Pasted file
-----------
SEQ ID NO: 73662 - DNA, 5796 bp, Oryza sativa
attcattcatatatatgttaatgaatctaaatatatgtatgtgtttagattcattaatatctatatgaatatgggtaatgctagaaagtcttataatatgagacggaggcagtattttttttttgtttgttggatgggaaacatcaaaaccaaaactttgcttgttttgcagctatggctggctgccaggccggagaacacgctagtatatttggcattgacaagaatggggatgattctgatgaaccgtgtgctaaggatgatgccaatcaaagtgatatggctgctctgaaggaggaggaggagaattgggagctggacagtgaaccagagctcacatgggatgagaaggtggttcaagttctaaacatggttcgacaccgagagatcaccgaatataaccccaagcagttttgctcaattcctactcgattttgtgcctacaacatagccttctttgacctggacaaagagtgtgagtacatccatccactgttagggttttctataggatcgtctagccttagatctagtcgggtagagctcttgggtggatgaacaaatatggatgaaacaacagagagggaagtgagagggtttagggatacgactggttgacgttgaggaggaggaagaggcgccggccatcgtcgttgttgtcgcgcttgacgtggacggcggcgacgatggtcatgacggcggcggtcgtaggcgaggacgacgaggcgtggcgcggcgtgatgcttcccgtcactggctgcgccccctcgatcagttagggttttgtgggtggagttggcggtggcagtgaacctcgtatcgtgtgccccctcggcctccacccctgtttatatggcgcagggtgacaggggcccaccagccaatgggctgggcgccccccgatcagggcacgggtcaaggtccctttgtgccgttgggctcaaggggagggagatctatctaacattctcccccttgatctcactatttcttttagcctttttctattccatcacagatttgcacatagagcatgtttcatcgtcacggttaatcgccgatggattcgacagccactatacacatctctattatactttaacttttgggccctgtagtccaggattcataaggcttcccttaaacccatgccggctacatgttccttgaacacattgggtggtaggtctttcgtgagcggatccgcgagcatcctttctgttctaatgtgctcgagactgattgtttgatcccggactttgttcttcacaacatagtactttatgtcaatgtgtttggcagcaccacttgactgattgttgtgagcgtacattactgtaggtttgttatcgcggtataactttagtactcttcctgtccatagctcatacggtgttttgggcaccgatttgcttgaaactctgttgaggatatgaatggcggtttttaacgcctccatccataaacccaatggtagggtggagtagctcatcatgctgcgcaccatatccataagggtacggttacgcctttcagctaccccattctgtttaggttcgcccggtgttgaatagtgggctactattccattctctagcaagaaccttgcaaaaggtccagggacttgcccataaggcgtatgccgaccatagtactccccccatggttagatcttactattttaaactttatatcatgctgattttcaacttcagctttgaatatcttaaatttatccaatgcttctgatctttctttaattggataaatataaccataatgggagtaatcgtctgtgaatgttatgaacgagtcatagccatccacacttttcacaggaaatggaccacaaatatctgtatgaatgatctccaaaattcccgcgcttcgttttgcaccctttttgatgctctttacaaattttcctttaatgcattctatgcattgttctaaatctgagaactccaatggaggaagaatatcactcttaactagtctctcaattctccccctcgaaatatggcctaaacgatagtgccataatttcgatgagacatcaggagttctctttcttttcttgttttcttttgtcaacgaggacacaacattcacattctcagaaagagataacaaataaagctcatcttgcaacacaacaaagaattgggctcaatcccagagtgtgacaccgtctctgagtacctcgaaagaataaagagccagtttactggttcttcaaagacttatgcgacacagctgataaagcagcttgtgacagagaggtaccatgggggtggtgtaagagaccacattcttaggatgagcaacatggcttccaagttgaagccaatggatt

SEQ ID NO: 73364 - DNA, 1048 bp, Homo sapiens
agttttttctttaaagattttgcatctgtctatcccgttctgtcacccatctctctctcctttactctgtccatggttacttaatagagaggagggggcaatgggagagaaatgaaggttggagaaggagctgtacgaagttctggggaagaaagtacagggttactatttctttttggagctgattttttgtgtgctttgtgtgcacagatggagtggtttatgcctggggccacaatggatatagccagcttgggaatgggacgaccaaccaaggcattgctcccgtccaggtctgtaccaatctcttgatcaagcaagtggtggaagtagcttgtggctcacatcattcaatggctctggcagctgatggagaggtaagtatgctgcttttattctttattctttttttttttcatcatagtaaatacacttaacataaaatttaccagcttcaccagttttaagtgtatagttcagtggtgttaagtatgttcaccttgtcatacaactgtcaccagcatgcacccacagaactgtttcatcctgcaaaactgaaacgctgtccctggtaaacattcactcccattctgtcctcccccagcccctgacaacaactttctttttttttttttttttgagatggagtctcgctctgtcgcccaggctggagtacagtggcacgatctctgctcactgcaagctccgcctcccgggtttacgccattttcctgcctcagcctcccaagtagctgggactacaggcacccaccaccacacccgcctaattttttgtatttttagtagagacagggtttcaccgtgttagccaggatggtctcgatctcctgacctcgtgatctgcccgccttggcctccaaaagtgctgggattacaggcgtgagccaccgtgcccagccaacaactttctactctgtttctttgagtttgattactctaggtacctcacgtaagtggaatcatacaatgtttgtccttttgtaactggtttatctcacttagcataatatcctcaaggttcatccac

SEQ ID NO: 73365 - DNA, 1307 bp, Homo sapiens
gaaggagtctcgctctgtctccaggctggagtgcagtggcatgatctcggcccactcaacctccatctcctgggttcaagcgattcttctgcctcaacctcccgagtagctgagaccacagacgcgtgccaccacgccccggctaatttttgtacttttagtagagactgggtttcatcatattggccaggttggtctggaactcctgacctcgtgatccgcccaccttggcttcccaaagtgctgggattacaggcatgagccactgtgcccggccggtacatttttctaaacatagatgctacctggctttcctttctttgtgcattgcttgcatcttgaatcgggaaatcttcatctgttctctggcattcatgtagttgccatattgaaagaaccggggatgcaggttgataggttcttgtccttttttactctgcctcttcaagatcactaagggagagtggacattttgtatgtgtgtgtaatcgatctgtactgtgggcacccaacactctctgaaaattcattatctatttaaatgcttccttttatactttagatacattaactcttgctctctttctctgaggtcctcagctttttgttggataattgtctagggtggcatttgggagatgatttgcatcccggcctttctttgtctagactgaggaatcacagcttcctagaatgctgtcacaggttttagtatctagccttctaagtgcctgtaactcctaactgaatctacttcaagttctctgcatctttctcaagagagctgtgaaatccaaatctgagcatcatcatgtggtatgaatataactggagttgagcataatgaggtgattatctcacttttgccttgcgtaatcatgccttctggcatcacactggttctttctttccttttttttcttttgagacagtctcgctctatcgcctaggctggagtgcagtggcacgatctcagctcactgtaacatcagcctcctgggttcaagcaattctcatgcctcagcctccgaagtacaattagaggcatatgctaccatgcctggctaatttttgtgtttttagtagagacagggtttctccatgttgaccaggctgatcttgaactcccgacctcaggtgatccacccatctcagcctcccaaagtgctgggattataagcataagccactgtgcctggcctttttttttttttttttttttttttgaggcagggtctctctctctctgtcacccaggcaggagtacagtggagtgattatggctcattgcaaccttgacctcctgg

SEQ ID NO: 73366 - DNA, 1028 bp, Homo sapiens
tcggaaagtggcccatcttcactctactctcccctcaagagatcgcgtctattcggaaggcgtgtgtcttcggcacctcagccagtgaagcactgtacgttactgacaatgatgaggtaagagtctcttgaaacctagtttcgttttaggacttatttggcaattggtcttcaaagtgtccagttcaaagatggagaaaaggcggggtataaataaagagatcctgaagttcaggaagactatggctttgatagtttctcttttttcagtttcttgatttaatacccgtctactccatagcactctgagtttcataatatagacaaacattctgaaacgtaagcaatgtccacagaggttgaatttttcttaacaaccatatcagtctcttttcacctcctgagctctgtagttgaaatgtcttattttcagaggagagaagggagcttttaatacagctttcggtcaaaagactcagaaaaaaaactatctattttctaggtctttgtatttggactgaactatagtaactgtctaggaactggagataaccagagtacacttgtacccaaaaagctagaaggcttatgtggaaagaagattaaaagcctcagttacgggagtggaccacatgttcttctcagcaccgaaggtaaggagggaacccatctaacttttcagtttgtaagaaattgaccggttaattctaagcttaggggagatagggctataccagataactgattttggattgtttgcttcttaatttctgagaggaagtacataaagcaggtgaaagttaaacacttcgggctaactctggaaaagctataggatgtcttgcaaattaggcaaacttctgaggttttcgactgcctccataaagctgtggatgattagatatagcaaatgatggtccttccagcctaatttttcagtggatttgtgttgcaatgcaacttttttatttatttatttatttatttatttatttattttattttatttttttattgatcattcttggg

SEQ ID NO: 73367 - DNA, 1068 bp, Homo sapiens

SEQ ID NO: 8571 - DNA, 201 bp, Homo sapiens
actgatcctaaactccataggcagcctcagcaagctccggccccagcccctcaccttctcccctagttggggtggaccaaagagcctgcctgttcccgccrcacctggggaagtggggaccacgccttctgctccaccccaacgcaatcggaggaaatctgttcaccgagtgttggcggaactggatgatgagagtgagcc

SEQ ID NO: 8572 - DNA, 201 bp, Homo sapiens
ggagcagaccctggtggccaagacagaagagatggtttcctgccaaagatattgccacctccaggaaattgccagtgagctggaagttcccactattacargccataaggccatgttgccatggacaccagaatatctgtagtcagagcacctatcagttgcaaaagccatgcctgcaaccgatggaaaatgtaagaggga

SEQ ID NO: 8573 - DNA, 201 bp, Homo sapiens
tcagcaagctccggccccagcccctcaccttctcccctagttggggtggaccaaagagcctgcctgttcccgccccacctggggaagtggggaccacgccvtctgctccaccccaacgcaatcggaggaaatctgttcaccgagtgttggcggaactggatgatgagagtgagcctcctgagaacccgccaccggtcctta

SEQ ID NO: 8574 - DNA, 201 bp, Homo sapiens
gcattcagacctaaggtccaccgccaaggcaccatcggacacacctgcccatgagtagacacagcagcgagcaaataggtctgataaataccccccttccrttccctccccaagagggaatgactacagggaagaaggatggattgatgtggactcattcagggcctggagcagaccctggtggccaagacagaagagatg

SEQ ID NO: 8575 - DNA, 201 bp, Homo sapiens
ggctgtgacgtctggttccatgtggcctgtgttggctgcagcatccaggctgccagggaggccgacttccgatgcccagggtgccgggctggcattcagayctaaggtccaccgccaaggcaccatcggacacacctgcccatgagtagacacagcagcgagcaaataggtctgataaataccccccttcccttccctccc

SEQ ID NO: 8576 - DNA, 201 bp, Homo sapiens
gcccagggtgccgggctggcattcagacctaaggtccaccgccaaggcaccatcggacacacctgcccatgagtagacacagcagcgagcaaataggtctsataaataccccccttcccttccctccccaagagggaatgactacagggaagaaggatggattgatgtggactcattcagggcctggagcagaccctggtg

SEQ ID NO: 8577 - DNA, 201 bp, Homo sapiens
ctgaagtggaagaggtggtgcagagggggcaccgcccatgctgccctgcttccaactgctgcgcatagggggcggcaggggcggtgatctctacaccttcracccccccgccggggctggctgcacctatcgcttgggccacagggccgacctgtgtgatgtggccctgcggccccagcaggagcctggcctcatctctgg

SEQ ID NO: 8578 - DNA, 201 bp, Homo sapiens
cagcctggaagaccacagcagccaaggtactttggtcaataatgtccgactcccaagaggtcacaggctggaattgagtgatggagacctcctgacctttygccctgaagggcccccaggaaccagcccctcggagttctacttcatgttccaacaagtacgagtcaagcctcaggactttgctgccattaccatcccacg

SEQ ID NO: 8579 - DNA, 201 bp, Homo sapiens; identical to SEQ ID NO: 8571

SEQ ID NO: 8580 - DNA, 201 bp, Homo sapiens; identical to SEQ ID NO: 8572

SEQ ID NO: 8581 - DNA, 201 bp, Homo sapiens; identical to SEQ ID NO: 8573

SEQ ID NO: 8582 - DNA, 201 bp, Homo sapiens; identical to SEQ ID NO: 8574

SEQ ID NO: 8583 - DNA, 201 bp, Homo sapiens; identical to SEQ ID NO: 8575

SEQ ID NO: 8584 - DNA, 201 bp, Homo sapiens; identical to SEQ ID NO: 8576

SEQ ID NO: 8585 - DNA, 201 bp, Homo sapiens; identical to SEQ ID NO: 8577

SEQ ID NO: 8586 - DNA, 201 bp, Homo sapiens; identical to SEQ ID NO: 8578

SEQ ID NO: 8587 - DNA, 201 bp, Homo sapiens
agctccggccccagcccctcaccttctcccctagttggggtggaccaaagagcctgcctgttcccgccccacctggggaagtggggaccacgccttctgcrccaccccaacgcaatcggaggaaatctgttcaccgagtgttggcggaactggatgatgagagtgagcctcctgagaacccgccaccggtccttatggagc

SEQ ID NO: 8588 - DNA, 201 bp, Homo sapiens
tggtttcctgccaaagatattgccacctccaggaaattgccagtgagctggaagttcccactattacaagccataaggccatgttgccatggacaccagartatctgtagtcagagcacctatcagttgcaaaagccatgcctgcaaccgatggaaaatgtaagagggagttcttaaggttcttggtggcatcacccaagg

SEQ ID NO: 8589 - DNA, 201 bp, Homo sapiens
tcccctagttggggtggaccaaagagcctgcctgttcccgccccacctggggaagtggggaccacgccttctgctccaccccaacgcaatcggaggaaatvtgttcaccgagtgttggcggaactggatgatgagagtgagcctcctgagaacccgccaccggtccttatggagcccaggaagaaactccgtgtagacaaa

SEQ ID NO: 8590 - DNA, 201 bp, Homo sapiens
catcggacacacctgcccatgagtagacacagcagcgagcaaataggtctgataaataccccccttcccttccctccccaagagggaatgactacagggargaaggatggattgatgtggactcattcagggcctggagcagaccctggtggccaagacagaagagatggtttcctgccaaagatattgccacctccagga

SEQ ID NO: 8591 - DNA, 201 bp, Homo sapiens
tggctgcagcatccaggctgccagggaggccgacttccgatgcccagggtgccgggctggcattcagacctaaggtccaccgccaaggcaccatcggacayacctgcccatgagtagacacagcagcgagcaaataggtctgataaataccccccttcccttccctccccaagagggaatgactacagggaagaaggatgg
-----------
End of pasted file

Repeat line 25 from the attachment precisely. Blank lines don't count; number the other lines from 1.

cagcctggaagaccacagcagccaaggtactttggtcaataatgtccgactcccaagaggtcacaggctggaattgagtgatggagacctcctgacctttygccctgaagggcccccaggaaccagcccctcggagttctacttcatgttccaacaagtacgagtcaagcctcaggactttgctgccattaccatcccacg